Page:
• U.S. Army Garrison Bamberg Commander Lt. Col. Steven L. Morris looks at the wood chips that will be used to heat Europe's first biomass heating system for the military at Muna Depot, Germany, Sept. 14, 2011.

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    U.S. Army Garrison Bamberg Commander Lt. Col. Steven L. Morris looks at the wood chips that will be used to heat Europe's first biomass heating system for the military at Muna Depot, Germany, Sept. 14, 2011.

  • Director of Stadtwerke Bamberg Klaus Rubach, left, and U.S. Army Garrison Bamberg Commander Steven L. Morris, right, take a tour through the a new biomass heating facility that will provide heated water to housing units near Muna Depot, Germany.

    tour

    Director of Stadtwerke Bamberg Klaus Rubach, left, and U.S. Army Garrison Bamberg Commander Steven L. Morris, right, take a tour through the a new biomass heating facility that will provide heated water to housing units near Muna Depot, Germany.

BAMBERG, Germany, Sept. 23, 2011 -- Bamberg opened the Army's first biomass heating system in Europe Sept. 14 in an effort to transition to more sustainable, renewable energy resources.

Two new wood-chip heating systems will heat water for buildings near Muna depot, which will cut operating costs, reduce dependency on oil and shrink carbon dioxide emissions.

"This not only saves us money but addresses both U.S. and German goals for energy conservation and reduction of greenhouse gases," said Lt. Col. Steven L. Morris, U.S. Army Garrison Bamberg commander. "This new boiler will pay for itself in three years while making the environment cleaner for us and our children for years to come."

The old boilers needed to be replaced and an emphasis was placed on moving to renewable energy equipment; biomass was the answer. Biomass is organic material made from plants and animals, and the most common form of biomass fuel is wood, according to Energy Information Administration website.

Stadtwerke Bamberg, the city's public transportation, gas, water and power company, helped the garrison by bringing in their expertise to assist with the project. Stadtwerke Bamberg is using a similar biomass system for their new spa resort Bambados, which opens in November.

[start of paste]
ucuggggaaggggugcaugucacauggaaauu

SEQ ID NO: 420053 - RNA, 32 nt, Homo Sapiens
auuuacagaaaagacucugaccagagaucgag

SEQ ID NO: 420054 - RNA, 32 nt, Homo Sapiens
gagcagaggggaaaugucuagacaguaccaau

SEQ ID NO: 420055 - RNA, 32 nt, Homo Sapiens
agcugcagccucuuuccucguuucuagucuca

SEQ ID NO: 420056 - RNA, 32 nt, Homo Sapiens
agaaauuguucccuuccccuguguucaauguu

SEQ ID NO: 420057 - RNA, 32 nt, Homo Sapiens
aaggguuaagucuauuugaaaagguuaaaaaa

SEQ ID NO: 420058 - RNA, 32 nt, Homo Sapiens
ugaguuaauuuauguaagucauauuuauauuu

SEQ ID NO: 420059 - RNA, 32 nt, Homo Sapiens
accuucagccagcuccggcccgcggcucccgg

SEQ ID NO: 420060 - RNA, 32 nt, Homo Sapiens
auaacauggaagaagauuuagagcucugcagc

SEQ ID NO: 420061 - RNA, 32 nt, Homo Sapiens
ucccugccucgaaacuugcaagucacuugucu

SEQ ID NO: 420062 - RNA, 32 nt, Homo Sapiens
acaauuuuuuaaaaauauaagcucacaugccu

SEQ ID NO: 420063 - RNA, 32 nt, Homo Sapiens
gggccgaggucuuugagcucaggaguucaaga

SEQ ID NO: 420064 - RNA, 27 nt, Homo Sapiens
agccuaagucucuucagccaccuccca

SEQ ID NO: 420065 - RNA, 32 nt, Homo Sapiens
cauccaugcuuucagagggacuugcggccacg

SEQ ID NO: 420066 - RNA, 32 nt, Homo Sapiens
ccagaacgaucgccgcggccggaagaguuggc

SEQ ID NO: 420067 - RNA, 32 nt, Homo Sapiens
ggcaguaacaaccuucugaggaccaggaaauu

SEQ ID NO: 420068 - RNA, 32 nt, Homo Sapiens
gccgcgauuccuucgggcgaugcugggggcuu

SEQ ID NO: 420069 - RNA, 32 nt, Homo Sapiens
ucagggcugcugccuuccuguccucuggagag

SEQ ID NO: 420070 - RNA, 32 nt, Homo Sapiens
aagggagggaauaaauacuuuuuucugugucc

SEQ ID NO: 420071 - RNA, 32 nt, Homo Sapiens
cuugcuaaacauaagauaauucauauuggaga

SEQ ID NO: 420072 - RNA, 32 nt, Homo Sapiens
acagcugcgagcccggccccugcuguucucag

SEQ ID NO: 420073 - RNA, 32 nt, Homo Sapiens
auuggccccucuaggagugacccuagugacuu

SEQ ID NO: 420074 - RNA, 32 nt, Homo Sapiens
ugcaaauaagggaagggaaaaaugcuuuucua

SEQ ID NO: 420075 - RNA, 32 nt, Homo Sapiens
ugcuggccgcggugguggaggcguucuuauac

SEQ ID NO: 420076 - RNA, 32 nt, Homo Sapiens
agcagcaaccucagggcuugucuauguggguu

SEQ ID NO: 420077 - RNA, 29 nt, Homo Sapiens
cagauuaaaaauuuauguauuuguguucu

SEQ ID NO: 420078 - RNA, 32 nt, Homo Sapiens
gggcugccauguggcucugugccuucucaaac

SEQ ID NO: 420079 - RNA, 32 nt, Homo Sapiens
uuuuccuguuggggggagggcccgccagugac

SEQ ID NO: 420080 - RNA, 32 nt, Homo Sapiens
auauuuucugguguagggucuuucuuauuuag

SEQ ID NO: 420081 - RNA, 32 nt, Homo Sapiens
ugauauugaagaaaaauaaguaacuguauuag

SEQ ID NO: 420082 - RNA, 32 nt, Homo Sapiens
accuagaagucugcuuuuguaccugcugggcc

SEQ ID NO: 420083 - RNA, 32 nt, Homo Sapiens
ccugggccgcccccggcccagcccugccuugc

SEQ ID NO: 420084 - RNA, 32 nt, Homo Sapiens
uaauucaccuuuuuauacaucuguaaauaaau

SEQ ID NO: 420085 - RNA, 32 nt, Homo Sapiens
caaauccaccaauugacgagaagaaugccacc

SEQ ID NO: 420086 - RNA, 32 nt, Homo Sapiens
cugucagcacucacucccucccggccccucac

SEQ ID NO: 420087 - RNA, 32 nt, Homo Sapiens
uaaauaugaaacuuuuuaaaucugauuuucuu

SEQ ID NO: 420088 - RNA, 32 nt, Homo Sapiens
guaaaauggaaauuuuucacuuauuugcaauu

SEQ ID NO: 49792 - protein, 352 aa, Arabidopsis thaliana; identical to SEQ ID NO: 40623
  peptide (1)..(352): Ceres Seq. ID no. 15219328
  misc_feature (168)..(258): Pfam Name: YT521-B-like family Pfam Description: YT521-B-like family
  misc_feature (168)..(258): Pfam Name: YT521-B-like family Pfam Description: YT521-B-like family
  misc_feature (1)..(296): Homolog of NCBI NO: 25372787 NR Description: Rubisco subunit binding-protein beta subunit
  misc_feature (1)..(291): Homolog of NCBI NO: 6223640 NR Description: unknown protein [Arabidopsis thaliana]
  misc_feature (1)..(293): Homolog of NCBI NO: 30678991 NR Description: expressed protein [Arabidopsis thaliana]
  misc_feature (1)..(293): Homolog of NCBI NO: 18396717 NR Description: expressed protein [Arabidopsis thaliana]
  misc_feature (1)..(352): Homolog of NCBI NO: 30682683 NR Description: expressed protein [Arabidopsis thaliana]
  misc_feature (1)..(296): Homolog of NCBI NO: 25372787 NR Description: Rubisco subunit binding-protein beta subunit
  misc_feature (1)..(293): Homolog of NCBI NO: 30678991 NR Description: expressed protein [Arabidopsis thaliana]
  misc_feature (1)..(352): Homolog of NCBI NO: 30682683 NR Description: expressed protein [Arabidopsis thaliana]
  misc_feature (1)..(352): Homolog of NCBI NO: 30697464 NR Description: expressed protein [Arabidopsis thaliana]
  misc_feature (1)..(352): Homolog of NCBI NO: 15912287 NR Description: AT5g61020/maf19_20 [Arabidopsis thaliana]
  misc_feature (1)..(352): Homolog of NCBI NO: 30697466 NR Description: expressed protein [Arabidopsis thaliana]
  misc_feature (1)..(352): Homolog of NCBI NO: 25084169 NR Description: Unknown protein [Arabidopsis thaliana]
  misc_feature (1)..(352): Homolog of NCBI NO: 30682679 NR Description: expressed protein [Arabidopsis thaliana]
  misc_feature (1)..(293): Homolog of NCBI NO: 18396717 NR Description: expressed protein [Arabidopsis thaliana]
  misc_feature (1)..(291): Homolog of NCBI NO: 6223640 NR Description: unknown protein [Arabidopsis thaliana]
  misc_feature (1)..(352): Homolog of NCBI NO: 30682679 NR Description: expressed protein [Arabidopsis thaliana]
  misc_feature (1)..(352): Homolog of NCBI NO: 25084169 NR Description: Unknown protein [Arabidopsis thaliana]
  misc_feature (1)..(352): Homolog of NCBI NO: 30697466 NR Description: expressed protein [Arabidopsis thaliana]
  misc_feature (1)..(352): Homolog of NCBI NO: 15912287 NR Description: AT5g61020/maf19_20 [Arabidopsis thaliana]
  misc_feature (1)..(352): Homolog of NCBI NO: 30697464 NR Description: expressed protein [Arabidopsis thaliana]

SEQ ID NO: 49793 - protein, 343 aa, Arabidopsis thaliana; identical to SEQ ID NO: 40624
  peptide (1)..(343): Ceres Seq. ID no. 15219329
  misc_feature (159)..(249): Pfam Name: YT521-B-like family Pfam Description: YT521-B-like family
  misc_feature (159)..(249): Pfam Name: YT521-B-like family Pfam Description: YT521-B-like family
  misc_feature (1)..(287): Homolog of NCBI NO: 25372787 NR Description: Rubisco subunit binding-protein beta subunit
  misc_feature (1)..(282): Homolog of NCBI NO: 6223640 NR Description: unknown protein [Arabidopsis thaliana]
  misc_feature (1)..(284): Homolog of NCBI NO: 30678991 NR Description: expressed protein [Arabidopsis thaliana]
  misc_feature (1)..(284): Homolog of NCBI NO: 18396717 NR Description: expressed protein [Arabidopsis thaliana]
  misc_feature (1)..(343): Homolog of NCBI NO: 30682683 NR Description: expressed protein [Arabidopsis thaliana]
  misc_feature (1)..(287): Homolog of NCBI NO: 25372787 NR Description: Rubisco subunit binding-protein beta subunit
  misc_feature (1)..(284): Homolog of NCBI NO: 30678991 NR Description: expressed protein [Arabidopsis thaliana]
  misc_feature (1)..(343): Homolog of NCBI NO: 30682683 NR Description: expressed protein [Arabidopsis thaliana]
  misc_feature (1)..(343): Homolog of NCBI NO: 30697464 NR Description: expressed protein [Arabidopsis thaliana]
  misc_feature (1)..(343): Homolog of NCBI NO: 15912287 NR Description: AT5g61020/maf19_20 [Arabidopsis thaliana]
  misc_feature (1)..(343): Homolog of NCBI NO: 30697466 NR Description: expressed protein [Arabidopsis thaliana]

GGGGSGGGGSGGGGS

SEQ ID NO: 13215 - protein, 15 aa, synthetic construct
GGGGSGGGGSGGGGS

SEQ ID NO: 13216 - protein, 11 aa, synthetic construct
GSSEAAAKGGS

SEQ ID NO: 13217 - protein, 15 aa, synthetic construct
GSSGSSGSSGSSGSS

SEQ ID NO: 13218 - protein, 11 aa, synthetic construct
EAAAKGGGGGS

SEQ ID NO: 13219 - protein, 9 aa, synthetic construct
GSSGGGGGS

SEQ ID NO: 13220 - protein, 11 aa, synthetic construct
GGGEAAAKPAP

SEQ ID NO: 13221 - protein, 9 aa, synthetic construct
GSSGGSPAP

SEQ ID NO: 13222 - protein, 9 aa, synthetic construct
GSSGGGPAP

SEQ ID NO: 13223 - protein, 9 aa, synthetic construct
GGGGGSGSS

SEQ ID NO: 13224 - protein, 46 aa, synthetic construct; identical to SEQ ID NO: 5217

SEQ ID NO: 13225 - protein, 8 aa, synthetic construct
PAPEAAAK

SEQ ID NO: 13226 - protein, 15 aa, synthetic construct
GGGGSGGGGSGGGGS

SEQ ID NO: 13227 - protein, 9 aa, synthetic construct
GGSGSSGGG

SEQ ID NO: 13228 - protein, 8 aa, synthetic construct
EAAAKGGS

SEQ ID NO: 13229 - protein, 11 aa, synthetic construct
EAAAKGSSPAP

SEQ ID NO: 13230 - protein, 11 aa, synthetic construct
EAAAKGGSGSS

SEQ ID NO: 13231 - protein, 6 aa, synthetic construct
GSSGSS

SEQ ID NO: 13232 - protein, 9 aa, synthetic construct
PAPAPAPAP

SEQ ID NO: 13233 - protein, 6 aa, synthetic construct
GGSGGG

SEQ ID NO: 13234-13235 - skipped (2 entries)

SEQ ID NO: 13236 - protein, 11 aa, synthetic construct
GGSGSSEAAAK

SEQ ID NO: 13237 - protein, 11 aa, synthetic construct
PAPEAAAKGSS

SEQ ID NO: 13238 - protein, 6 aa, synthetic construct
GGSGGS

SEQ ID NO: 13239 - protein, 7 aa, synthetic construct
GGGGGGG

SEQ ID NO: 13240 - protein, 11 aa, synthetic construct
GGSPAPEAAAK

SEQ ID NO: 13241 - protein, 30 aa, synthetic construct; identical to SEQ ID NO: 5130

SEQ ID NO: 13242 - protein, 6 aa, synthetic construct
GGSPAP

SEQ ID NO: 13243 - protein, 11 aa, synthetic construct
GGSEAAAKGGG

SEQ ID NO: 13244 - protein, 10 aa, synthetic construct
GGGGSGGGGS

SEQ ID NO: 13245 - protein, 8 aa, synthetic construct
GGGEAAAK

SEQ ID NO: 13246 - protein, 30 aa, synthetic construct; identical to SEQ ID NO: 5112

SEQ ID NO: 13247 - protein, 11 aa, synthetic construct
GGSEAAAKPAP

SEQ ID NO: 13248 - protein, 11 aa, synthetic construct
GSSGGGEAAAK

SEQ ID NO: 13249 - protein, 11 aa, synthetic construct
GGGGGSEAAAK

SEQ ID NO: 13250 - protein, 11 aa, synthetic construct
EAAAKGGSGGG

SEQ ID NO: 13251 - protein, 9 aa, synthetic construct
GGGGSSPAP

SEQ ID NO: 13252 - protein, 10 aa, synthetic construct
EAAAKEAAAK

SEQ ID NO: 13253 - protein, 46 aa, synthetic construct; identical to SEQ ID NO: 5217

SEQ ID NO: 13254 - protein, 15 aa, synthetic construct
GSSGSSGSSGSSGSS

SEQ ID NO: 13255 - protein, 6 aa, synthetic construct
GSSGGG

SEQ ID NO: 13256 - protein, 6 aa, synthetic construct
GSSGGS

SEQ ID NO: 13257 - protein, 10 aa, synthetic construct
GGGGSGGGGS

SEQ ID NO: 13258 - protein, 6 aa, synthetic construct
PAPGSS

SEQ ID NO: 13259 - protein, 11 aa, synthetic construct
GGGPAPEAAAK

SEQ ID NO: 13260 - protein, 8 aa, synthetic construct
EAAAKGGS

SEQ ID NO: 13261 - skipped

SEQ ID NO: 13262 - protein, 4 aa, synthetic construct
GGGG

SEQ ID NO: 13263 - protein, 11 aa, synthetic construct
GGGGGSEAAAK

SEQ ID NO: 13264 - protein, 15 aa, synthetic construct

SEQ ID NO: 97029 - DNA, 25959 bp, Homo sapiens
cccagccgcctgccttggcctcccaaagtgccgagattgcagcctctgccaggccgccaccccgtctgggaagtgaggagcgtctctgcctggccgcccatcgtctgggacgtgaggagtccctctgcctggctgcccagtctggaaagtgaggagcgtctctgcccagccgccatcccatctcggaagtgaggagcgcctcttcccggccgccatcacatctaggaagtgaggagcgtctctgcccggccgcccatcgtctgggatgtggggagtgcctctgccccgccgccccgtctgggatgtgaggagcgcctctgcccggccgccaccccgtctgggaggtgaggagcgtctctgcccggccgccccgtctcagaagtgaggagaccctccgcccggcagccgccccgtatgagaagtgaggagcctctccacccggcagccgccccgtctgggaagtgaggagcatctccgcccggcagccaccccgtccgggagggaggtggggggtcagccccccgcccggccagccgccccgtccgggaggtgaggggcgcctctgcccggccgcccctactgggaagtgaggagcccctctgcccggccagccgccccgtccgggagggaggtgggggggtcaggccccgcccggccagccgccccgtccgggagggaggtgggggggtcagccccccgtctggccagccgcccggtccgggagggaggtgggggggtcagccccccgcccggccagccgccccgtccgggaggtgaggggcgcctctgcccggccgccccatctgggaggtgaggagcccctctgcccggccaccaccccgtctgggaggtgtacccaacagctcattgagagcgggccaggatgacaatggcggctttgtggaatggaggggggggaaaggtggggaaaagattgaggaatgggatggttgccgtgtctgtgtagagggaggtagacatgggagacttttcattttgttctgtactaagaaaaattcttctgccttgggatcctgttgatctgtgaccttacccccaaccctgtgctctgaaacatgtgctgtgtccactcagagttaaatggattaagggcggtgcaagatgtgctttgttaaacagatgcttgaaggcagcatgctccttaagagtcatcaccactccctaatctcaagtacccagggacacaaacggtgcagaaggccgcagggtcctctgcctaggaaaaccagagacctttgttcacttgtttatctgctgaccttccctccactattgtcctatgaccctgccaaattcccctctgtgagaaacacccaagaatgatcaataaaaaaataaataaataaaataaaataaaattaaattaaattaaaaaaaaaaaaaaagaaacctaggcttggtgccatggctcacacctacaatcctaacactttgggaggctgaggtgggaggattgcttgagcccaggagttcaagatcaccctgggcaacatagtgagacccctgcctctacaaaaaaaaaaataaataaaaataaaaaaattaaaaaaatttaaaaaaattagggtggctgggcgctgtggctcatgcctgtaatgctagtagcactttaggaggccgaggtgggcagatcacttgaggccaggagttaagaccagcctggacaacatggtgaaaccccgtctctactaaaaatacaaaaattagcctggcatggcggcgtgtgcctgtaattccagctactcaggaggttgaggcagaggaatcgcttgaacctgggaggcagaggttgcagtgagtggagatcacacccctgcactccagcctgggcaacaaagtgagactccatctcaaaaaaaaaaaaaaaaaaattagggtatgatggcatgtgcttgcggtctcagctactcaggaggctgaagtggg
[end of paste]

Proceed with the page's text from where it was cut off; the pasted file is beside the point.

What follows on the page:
"I am very happy that we were able to successfully put a joint venture into action within the shortest period of time and that we were able to contribute to the acceleration of the energy transformation in Bamberg with this new heating plant," said Klaus Rubach, director of Stadtwerke Bamberg. "You are one of our most distinguished customers and one of the most important partners in furthering the local pollution control -- not only for us, but also for the city of Bamberg."

Big and small furnaces will be used to run the system more efficiently. The small one is used during the summer because it uses less energy and the larger one will be used during the winter when more heat is needed. Operating the large burner, using 20 percent of its capacity, is less efficient than using a smaller one running at a higher percent capacity. Having two systems also provides a backup system in the event that one needs maintenance or breaks.

More electricity is needed to run the heating system, but the costs for the renewable fuel will be less, which will make the project's overall cost lower.

Stadtwerke provides electricity to run the biomass system and will monitor operations of the equipment remotely from its headquarters. The system also has meters that will allow experts to measure operational cost savings.

Biomass is considered CO2 neutral because it emits the amount of CO2 that would be gathered in the lifetime of the wood. The combustion of fossil fuels take carbons locked beneath the ground, such as crude oil and gas, and releases carbons into the atmosphere, which is not part of the natural carbon cycle.

Page last updated Fri September 23rd, 2011 at 00:00